The Board at St Joseph’s Catholic School decided to hire a chaplain that does not have a teaching role in the school. Great choice as far as I’m concerned. I like teaching, but a teacher has a different relationship to the students than the chaplain does.
Nevertheless, I’ve been asked to teach the Film and Media elective course for 11th and 12th graders. This is fun, and quite a shift since I guess most Catholic school students would expect their priest to be teaching theology or ‘How to Behave Yourself 101′.
We just started the course with a discussion on the nature of Art. We began with the question: “What is Art?” The answer the students themselves came up with is: “Art is a reasonable, creative expression of human emotion.” Not bad eh? Can you come up with something better?
This led to a discussion on how the ancients viewed art. The Greeks and Romans had seven categories of art: 1. History 2. Comedy 3. Tragedy 4. Dance 5. Poetry 6. Music 7. Astronomy. The great thing about the ancient arts is that they were essentially performance arts–even the history and astronomy had a performance element in that the history would have been re-told in epic form and the astronomy would have been applied with fortune telling. Furthermore, this art was integrated. The History was told and re-enacted through the drama, which included music and dance, and inasumch as it was the stories of the gods and goddesses (each of whom had their familiar planets) it also included astronomy. In addition, this art was religious and communal. It was the means whereby the ancients made sense of the universe and made sense of their own lives, and it was religious in the largest sense because it was the way they interacted with their gods and goddesses.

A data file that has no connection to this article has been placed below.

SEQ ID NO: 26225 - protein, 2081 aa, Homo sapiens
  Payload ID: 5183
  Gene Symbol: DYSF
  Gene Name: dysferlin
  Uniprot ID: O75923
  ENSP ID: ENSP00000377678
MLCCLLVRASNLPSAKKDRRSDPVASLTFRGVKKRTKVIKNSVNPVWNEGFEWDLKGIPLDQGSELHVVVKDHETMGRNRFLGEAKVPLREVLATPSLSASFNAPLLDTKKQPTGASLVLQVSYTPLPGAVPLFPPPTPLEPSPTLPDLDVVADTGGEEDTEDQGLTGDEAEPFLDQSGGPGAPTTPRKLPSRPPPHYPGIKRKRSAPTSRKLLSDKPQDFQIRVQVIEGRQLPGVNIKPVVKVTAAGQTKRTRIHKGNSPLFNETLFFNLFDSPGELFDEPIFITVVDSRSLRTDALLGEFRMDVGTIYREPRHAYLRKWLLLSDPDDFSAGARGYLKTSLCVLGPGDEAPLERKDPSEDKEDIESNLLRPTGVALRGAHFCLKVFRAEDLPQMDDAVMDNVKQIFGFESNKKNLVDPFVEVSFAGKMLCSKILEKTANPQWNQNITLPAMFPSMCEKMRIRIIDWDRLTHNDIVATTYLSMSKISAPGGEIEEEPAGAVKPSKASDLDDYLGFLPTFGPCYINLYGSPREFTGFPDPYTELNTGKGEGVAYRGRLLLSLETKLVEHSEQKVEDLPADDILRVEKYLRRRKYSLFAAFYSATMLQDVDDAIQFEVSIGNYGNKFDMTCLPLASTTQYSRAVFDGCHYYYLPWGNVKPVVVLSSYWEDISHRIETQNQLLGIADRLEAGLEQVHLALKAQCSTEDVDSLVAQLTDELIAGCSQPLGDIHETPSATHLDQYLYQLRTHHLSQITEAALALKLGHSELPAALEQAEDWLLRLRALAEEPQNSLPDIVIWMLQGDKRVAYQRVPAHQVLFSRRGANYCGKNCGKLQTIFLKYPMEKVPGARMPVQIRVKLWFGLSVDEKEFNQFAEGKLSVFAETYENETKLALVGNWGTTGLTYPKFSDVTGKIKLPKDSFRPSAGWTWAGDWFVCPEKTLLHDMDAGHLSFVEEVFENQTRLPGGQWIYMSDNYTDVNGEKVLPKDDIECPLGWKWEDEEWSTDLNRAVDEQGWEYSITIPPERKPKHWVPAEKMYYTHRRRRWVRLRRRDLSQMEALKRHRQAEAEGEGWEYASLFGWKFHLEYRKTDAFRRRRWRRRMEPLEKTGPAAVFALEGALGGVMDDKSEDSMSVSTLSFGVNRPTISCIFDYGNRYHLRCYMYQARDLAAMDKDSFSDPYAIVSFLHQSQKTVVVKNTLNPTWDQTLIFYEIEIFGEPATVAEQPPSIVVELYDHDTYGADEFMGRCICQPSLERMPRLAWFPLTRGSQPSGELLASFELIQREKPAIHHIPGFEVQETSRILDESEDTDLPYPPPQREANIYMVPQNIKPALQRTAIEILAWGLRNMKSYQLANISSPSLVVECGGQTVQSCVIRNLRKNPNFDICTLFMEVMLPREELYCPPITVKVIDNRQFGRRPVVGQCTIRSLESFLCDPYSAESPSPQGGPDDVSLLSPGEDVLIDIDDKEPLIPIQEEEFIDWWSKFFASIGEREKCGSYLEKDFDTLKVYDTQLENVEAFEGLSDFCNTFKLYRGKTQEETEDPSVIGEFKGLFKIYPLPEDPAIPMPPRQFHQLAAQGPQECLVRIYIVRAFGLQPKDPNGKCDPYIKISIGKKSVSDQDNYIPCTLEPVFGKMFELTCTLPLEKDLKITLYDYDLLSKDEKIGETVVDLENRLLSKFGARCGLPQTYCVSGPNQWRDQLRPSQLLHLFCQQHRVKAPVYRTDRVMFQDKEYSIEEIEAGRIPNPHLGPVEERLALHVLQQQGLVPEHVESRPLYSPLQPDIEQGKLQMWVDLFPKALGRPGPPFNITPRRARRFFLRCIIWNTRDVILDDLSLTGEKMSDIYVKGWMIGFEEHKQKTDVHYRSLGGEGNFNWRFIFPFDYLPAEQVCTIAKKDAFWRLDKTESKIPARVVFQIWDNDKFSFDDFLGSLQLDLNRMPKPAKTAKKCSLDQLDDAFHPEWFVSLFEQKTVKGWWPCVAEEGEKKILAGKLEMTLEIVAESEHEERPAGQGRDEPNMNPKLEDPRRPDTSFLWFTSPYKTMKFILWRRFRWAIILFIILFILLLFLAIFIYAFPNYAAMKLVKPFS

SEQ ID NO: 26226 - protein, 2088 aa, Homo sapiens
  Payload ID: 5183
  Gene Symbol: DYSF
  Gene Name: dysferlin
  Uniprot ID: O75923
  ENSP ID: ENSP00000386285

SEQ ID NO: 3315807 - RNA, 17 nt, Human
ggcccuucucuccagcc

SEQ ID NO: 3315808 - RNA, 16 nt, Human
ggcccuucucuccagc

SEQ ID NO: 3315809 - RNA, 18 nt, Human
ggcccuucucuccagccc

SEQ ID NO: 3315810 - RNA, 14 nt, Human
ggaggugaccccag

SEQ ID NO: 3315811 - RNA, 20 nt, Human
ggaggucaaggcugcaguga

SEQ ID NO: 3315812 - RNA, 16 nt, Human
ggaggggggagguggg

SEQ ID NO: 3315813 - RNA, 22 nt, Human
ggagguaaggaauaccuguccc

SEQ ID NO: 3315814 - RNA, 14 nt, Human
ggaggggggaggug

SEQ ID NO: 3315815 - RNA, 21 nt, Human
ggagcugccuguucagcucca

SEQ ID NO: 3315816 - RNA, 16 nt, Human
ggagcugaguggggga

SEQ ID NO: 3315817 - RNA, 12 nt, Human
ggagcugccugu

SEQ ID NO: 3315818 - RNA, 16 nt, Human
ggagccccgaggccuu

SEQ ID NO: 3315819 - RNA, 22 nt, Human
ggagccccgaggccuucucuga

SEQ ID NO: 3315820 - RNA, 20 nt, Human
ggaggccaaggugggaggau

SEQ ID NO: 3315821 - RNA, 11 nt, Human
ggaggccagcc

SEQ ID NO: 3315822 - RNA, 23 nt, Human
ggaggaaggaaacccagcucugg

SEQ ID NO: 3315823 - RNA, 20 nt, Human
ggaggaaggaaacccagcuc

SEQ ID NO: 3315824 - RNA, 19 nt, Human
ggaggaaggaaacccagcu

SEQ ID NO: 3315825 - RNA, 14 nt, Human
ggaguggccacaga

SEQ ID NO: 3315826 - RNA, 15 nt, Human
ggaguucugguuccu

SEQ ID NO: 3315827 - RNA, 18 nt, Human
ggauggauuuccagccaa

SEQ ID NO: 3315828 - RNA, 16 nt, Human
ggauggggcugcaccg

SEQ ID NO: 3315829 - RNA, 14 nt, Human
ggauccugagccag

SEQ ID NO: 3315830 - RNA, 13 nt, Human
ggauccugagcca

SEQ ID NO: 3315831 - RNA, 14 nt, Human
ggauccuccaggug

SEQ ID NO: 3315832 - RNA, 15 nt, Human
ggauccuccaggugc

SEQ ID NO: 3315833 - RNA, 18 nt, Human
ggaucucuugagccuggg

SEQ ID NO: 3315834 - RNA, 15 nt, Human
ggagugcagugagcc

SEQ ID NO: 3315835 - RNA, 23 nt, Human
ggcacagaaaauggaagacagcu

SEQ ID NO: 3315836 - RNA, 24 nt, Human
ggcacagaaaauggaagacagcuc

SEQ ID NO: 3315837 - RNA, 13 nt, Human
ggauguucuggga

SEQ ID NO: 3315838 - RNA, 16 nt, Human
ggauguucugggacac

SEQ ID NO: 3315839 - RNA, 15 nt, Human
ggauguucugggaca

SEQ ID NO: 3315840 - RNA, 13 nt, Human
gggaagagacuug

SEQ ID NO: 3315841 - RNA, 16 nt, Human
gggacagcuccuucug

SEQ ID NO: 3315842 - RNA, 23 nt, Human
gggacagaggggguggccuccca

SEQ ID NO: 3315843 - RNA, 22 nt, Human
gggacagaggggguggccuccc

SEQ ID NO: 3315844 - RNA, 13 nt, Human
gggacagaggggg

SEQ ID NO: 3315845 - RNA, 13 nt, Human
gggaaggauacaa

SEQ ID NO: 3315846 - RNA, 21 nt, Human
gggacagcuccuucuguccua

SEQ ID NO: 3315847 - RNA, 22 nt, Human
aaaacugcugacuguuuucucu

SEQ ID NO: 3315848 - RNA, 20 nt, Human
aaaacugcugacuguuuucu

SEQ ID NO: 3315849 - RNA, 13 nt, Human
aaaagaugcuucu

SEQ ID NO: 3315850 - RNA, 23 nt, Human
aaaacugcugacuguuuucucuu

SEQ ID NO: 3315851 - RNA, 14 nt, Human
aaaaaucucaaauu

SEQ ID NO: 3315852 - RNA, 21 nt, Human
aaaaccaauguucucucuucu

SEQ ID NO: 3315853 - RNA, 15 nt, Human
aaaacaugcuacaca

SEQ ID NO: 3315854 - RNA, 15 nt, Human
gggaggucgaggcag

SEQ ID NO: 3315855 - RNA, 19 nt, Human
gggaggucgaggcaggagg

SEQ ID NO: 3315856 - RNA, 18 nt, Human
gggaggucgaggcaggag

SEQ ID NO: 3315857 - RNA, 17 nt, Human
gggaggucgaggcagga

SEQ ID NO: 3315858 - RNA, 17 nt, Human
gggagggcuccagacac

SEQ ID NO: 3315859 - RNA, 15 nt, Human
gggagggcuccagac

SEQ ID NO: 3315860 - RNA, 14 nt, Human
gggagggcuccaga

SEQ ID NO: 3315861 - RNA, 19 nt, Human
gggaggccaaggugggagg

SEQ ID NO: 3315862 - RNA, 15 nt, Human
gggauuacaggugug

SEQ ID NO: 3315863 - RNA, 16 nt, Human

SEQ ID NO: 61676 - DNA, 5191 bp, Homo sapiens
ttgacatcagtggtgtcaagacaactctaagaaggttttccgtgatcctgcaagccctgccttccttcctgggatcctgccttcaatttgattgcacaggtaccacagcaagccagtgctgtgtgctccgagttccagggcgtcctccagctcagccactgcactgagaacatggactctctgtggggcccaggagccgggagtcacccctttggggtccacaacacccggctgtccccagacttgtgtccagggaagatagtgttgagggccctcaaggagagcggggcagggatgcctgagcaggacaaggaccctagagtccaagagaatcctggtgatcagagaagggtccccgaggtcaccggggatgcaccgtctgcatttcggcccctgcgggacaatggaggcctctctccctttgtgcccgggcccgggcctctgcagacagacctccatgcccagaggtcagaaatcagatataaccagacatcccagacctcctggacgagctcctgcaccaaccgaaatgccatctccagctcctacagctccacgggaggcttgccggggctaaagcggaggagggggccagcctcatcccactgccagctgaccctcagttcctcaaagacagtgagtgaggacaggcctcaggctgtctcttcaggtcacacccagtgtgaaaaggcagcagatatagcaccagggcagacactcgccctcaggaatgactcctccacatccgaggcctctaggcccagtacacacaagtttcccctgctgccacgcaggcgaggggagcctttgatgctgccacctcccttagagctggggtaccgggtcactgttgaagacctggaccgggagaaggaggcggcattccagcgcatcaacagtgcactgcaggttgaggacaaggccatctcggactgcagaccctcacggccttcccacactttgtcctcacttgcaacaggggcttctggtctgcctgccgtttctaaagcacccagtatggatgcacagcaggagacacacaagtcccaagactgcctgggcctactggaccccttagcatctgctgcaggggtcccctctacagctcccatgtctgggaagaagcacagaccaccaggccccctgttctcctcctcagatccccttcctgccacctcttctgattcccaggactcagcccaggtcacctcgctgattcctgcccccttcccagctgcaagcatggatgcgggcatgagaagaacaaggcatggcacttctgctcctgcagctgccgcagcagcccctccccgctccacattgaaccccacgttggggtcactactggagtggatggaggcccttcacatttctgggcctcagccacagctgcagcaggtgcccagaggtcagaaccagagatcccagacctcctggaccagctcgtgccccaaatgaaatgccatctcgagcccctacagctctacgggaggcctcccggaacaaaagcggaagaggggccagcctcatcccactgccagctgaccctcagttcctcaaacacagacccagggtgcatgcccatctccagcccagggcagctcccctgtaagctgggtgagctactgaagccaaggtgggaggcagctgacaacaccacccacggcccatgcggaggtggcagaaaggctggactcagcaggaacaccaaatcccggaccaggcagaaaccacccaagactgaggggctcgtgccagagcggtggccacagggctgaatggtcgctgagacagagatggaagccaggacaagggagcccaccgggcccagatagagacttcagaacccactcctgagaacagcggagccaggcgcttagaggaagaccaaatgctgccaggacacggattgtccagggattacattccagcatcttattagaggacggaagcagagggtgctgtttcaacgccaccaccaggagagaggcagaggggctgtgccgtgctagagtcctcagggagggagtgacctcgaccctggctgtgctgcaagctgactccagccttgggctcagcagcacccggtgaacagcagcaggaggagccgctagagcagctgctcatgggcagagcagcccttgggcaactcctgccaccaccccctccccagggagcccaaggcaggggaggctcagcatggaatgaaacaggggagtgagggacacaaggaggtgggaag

What is most interesting about all this is that since then the arts have become more and more individualistic and ‘creative’. Modern art is all about iconoclastic, individual nihilism. There is nothing communal about it, and certainly nothing integrated with the other arts, and nothing religious.
Film is different though. By it’s very nature film has to be created by a community of people. Making a film is team effort. Furthermore, it integrates the seven ancient forms of art in a way no other art form ever has. With the possible exception of astronomy the seven art forms are woven together in film. The fact that film is a popular art form shows that it is also communal, and since the films are global in their distribution the communal aspect of a great film affects virtually the whole human race. Finally, many films are, in the largest sense, religious. In other words, they deal with the big moral questions, the big questions of who we are, what our lives mean and what our ultimate destiny might be.
This is one of the reasons I find ordinary popular films so intriguing, because we have come full circle and with the most modern of technologies we are together practicing the most ancient of communal art forms.